Right now is a good time to make sure you’ve done all you can to minimize your tax burden for the year. Tax-loss harvesting is one common strategy to consider.

Did your portfolio suffer an investment loss this year? You just might be able to make lemonade out of those lemons with an investment strategy called tax-loss harvesting.

What is tax-loss harvesting?

Essentially, this strategy involves using a loss to offset your tax liability and shift your portfolio toward an improved position.

Here’s how it generally works: You sell (or “harvest”) an underperforming investment at a loss, then use that money to reinvest in a different security. You can then use those realized losses to offset up to $3,000 of ordinary income and thereby reduce your taxable capital gains for the year.

The outcome is that fewer of your dollars go to taxes, while you’re able to keep more working for you. You’re also able to carry losses forward indefinitely, helping you reduce taxes now as well as in the future.

There are other times when you may want to implement tax-loss harvesting, not just when you’ve had a bad investment year or there’s been a market downturn:

  • You have a lot of capital gains: If you sold an investment for a big return, you may want to look at what can be sold at a loss to offset the taxable income from those gains.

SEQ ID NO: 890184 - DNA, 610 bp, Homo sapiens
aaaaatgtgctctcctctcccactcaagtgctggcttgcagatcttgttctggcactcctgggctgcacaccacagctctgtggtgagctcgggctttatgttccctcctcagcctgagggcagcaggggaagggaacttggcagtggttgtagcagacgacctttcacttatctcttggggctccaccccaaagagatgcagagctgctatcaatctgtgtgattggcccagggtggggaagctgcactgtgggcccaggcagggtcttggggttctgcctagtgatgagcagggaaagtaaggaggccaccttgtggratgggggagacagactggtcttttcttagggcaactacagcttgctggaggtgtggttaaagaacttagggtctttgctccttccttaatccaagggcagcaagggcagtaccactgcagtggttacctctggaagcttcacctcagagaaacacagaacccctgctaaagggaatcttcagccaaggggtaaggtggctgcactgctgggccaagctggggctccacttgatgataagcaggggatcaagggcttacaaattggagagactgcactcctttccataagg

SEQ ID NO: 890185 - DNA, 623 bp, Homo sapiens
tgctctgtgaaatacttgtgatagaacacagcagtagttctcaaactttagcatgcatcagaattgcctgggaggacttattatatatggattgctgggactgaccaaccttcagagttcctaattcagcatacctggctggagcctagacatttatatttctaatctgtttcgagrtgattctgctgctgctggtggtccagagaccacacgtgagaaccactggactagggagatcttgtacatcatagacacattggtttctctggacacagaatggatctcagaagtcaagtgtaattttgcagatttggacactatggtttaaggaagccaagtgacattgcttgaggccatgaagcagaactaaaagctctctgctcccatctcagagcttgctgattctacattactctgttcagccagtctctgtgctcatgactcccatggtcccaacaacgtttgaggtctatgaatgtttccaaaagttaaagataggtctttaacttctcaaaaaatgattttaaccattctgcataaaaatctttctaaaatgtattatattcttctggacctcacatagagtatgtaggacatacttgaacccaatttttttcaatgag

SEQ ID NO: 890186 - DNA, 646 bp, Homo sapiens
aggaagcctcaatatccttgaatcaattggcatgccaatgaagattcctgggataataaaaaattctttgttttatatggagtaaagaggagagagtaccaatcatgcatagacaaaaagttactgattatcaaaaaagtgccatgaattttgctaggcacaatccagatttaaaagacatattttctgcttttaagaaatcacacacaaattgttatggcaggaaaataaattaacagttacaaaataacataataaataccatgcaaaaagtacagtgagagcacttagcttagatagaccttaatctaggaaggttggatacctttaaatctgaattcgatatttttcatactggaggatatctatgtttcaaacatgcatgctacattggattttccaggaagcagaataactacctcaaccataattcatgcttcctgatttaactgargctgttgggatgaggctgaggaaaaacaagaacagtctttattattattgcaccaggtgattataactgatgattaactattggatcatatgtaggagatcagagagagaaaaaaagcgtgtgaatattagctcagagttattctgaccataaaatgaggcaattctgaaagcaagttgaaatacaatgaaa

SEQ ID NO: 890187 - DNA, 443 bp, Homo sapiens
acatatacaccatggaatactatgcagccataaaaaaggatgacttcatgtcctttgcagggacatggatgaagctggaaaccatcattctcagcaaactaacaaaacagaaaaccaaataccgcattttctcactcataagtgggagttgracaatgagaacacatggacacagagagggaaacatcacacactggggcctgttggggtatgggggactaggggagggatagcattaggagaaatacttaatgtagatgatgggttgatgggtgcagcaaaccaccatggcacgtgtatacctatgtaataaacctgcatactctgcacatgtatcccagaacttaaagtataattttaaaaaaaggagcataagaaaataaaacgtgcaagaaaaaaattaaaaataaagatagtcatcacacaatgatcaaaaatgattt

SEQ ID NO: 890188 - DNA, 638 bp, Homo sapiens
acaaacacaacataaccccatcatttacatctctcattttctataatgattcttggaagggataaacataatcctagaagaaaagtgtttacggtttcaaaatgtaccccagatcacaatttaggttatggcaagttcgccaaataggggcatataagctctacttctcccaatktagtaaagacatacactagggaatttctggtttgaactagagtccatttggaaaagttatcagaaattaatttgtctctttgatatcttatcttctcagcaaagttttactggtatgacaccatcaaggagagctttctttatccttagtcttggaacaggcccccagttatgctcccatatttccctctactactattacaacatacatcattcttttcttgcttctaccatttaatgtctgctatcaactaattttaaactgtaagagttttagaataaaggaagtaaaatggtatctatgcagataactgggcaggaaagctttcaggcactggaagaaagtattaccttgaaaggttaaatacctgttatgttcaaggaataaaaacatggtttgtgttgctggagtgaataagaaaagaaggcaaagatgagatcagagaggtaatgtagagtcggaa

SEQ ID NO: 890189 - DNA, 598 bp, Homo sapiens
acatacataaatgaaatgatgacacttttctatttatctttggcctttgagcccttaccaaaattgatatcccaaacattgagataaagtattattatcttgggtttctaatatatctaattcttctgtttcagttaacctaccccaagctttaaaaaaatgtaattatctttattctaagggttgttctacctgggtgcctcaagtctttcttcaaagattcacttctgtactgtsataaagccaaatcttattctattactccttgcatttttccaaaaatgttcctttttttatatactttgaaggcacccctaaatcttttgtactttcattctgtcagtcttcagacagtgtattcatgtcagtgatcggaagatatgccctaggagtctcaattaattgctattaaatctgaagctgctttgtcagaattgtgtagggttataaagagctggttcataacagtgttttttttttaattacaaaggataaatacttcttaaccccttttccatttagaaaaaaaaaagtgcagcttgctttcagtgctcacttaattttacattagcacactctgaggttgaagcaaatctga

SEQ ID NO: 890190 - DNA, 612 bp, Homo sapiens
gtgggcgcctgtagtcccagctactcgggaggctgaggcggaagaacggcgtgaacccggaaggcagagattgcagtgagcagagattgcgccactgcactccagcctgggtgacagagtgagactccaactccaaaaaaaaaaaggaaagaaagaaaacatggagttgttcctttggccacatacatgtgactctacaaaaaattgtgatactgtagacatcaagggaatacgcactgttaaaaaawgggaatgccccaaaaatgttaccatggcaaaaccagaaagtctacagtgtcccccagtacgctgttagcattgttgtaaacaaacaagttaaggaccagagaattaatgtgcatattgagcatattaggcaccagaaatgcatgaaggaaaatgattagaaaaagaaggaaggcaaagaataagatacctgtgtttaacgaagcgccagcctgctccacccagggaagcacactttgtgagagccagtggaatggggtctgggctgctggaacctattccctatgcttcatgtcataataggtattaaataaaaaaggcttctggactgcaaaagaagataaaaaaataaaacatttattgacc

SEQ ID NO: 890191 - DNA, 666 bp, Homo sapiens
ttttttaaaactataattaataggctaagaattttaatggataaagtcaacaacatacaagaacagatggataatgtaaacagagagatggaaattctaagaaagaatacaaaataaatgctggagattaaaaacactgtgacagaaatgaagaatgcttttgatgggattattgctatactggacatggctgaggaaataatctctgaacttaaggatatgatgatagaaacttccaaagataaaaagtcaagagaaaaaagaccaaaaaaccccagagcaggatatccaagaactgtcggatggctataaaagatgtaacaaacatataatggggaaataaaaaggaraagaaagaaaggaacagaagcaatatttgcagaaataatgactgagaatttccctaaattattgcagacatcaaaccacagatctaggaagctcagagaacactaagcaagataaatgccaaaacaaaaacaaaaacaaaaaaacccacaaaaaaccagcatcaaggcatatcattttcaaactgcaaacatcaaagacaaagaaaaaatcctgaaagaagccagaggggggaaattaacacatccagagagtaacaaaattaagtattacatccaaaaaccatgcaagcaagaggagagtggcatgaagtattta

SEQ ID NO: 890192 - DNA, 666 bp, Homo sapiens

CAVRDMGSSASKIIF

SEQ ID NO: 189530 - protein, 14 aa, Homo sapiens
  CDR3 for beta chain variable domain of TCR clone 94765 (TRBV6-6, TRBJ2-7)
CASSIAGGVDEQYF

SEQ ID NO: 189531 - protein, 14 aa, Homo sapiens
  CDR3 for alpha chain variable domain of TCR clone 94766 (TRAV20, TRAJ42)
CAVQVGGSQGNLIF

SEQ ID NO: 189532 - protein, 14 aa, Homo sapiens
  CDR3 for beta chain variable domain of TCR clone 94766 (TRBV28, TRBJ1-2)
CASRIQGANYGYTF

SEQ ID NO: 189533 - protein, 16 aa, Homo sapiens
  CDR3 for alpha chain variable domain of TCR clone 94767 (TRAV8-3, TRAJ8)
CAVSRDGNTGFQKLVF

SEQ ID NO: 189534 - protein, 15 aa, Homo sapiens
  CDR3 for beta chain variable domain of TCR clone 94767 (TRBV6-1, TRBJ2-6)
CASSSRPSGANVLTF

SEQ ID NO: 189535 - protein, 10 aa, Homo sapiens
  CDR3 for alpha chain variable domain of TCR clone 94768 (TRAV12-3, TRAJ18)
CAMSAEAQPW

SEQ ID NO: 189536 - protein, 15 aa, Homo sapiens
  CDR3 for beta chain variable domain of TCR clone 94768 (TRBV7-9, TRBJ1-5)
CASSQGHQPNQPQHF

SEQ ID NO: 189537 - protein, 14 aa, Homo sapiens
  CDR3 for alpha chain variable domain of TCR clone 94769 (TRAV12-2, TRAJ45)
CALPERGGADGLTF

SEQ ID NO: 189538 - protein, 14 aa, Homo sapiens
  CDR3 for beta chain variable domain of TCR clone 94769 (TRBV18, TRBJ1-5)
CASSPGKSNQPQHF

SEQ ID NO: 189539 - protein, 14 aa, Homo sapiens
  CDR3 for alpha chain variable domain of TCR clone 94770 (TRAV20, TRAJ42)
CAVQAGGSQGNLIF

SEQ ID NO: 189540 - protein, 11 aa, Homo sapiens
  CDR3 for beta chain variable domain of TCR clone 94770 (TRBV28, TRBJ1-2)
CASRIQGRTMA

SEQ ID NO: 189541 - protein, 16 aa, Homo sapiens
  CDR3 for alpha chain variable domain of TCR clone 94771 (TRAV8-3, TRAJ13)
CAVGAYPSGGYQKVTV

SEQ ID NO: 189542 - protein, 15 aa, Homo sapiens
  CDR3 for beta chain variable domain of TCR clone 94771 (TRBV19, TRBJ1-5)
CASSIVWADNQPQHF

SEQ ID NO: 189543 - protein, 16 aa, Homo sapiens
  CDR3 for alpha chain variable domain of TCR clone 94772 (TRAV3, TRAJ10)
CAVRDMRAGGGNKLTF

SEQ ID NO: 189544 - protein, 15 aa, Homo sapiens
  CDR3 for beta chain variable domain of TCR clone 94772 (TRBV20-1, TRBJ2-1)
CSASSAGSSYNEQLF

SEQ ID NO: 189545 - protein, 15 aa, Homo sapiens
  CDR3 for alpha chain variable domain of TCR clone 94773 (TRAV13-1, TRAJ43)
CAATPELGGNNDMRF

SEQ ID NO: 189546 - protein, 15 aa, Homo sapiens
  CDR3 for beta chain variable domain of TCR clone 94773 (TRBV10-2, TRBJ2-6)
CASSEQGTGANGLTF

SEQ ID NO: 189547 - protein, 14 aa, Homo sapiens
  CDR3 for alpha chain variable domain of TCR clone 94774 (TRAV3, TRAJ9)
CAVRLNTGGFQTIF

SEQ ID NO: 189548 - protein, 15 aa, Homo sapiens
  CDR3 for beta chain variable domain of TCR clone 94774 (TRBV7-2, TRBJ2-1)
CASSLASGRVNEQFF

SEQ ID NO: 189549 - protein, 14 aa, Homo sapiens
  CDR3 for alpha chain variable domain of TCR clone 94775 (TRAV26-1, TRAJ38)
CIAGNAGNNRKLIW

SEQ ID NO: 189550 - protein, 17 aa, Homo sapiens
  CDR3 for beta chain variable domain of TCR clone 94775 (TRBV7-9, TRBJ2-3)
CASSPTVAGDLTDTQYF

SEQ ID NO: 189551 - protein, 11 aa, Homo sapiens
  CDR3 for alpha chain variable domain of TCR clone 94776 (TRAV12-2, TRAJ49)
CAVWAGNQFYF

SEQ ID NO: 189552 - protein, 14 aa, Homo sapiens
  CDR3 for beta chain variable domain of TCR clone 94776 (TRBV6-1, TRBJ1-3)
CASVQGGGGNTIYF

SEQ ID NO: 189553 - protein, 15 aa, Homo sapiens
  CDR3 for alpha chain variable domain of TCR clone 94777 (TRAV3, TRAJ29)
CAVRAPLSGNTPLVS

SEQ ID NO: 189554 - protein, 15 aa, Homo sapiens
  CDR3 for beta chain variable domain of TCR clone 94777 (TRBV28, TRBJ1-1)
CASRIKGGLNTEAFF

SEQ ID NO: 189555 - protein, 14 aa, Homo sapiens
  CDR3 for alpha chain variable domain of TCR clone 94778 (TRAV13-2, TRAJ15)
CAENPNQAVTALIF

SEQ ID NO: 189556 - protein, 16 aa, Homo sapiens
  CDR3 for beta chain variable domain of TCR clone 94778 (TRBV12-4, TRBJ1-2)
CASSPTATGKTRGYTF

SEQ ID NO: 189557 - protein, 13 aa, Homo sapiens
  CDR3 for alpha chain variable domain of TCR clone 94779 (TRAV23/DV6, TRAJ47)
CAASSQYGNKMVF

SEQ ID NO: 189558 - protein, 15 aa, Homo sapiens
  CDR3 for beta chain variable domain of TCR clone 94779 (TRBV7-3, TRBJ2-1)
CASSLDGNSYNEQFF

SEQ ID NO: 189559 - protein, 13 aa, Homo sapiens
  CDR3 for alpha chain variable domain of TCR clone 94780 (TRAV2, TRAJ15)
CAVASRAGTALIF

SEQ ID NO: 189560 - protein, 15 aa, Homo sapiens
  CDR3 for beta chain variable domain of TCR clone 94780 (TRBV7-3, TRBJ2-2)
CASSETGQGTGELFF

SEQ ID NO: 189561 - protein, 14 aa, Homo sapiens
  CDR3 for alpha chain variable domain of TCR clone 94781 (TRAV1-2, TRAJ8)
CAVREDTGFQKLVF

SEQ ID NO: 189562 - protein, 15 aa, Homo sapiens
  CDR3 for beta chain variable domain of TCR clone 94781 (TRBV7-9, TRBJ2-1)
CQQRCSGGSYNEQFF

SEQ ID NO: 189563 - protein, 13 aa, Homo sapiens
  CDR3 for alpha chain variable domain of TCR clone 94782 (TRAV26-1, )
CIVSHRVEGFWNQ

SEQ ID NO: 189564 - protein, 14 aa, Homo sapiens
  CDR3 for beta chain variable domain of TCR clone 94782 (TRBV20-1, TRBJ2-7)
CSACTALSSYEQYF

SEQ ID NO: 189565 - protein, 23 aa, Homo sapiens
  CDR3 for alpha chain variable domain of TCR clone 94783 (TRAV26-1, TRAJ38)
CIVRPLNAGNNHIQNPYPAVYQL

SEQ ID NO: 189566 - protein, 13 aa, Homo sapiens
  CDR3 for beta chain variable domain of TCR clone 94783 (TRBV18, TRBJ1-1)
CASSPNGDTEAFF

• You anticipate being in a lower tax bracket in the years to come.
  • You invest in EFTs or individual stocks, rather than solely in mutual funds.

What are the rules?

There are a number of things to be aware of when it comes to offsetting gains with harvested losses.

Tax-loss harvesting is only applicable to taxable investment accounts. 

You can’t apply this strategy to your 401(k) or other tax-deferred retirement accounts, like 403(b)s, IRAs and 529 accounts. You can only use tax-loss harvesting (and you only need to use it) on taxable gains.

There’s a deadline for harvesting your loss.

You must complete all harvesting for 2021 taxes before the calendar year is up, December 31.

There’s a tax difference between short-term and long-term capital gains and losses.

The two are taxed differently. While short-term capital gains are taxed at your marginal tax rate as ordinary income, a different tax rate applies to long-term capital gains. There are also rules about harvesting and applying the losses. Discuss these with your tax advisor.

Be aware of wash sale rules.

A wash sale is when you sell a security and then repurchase the same or what the IRS refers to as a “substantially identical” security within 30 days before or after the sale. These can have costly tax consequences, and the IRS will consider transactions as wash sales even if you repurchase the security in a different account or in your spouse’s name.

Think about your investment goals first. 

Realizing tax savings in a given year and over the long term is important, but it’s just part of your larger retirement planning picture. If you decide to implement tax-loss harvesting, make sure it’s in line with your financial plan.

As with any investment strategy, it’s important to know that tax-loss harvesting doesn’t make sense for every investor and every situation. Always consult with your tax advisor and wealth manager to determine the best course for you.

Do you want to find out if tax-loss harvesting is a good strategy for you? Our tax services and strategies are another way we bring you personal, professional service. Learn more and contact us today.